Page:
It wasn't the shot heard 'round the world, but in 2008 when stripper LeAndra Lewis was hit by a stray bullet fired during a fight in the Boom Boom Room in Columbia, S.C., the pain was felt across the country.
The bullet, which passed through her intestines, liver and pancreas, prevented LeAndra from working for quite some time. Lewis felt she was entitled to a workers compensation claim. Employers pay for workers comp to pay for injuries that employees suffer while on the job. If they cannot work, it covers their medical care and lost wages.
But a South Carolina Court of Appeals ruled that Lewis couldn't collect. As a stripper at the bar, LeAndra worked as an "independent contractor" and was therefore ineligible to collect workers comp. And as an independent contractor myself, I sympathize.
More and more Americans work in what the Labor Department calls an "alternative arrangement." Somewhere along the line a bean-counting company may have outsourced their jobs and then brought them back as independent contractors. Insurer Allstate did this to hundreds of its agents, who are now appealing to the Internal Revenue Service to review their work status.
Independent contractors like Lewis now number close to 9 million and growing, the Labor Department says. Roughly one in 10 workers now fit into an "alternative arrangement" and four out of five employers have "nontraditional staffing."
Employers like to hire independent contractors because they don't have to pay for their workers comp or health insurance, which can now cost an employer nearly $16,000 for a family. And as health care costs go up, so will the number of alternative arrangements.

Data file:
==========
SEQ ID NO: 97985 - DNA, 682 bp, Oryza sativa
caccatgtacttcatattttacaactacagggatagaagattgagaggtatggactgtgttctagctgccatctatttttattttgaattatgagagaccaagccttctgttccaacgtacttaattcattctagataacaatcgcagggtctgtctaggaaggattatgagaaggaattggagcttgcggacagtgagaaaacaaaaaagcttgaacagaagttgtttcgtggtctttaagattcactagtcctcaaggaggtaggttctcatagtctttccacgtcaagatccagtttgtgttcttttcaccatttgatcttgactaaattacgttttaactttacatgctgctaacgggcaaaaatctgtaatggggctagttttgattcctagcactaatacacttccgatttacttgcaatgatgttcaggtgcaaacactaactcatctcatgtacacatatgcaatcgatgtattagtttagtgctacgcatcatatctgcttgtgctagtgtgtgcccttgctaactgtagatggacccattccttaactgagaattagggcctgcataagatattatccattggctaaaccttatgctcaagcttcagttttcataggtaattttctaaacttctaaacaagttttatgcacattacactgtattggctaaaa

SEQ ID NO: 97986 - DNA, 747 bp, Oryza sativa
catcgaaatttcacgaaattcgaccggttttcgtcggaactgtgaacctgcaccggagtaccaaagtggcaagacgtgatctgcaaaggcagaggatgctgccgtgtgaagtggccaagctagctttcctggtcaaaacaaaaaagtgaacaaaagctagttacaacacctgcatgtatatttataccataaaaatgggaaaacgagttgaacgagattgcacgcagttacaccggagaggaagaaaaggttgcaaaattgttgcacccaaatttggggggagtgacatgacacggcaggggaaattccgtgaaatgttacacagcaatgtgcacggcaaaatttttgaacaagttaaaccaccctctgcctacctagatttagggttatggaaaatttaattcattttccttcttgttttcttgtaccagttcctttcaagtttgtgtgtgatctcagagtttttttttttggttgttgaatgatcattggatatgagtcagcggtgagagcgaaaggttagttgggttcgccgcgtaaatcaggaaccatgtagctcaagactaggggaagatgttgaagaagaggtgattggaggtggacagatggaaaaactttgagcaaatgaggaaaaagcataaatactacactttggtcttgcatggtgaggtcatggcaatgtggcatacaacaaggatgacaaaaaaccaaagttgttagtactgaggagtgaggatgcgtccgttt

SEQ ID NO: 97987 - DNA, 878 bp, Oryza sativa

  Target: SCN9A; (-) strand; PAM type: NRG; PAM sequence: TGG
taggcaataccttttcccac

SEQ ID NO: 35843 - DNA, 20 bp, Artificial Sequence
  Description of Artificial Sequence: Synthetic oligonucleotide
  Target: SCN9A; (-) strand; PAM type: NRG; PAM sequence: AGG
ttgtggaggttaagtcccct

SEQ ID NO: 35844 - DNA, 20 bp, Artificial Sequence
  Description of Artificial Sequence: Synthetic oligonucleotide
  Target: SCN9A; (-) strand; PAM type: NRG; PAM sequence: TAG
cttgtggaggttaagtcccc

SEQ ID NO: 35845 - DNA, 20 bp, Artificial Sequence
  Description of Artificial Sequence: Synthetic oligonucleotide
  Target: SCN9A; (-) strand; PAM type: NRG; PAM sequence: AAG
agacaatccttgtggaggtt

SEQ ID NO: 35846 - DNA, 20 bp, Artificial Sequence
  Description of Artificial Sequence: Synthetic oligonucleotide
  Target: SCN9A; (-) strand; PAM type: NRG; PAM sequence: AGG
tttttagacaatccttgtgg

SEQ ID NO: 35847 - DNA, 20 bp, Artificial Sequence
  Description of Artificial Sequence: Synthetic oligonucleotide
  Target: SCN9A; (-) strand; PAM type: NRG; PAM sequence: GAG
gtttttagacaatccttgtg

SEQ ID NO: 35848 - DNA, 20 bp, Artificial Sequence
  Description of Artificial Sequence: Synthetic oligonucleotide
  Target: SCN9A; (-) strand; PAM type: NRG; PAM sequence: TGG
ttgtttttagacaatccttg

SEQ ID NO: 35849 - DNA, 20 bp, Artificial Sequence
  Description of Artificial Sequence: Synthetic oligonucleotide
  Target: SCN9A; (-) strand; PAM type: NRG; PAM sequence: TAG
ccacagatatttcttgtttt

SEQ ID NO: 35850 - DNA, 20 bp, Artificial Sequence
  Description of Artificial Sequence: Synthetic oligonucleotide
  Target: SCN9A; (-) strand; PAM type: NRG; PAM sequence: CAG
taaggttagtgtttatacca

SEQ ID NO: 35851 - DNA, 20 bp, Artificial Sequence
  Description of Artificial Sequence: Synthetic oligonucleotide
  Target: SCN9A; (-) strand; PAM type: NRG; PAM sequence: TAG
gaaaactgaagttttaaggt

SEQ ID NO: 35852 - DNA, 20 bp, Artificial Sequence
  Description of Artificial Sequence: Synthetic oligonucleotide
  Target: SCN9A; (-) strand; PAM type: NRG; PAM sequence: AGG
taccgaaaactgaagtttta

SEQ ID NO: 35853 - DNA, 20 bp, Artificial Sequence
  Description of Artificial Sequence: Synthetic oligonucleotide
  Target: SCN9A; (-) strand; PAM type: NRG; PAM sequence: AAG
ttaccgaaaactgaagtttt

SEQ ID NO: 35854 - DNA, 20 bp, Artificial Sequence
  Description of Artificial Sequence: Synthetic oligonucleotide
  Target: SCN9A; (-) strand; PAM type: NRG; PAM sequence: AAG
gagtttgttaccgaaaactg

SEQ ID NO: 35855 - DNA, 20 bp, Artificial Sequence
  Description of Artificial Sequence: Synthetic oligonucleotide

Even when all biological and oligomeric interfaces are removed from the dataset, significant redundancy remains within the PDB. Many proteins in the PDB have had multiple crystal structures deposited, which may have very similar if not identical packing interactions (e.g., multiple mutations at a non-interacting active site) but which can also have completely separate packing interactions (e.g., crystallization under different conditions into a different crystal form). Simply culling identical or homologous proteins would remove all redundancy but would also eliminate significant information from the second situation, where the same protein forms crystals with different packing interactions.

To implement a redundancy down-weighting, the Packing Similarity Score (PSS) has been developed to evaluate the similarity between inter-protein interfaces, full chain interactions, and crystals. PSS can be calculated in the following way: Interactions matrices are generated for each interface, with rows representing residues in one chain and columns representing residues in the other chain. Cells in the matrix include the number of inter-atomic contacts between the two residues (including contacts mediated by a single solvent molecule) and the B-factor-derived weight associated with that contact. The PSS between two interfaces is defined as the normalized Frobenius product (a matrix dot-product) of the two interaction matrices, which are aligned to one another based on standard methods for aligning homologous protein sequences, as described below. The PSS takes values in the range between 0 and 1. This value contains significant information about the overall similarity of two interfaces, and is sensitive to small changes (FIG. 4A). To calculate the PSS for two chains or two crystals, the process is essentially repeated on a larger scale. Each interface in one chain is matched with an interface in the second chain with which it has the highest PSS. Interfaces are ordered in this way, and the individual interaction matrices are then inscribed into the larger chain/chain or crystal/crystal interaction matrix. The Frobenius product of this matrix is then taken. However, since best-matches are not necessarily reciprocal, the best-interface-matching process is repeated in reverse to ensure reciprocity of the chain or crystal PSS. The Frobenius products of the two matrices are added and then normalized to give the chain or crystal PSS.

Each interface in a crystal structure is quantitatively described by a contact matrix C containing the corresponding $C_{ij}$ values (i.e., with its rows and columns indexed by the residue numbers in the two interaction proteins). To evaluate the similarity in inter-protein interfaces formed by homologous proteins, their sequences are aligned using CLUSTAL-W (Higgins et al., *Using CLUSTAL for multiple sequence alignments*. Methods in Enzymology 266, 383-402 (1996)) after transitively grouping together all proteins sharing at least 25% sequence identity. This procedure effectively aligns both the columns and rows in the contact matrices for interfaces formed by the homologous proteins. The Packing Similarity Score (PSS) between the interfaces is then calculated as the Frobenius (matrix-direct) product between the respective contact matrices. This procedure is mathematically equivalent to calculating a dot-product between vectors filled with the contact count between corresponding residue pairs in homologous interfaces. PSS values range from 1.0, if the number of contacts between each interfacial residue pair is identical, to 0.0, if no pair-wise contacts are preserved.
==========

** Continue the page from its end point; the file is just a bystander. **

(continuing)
So where does that leave people like me, Lewis and, for that matter, any other worker who wasn't a full-time employee at the bar when the shooting started? Not in a very good place. We can sue an employer, but it's a lengthy and costly process with no guarantee of a settlement. To be blunt: Be prepared to pay your own medical bills and enjoy your time off.
The difference between a worker with workers comp and one without is dramatic. Lewis may not have been in the best profession, but she was working at it. You can compare this to an Australian woman in a public service job with workers' comp, who was injured during a sexual encounter in a motel room when a light fixture over her head broke. In this case, the judge ruled that the injury was "in the course of her employment."
Down for the count
The same can be said of the National Football League (NFL), where former players are suing for and collecting enormous settlements for head injuries, while prizefighters, purposely pummeled in the cranium, receive nothing. Why you ask? They are independent contractors.
So it should come as no surprise that the more dangerous the profession the more likely you are to be an independent contractor. Among those commonly excluded from workers comp: farmhands, landscapers and many loggers.
Jockeys get their share of glory and money when they win the Kentucky Derby, but many times they just get hurt.
"You're on a horse going 40 miles an hour and there's an ambulance following behind just in case," says a financial planner who works with jockeys. "There's a high level of concussion, and paralysis is an even bigger risk than death."
He goes on to say that some horserace tracks do carry workers comp. But mainly the jockeys chip in to a fund to help each other -- and hope that their horses don't throw them.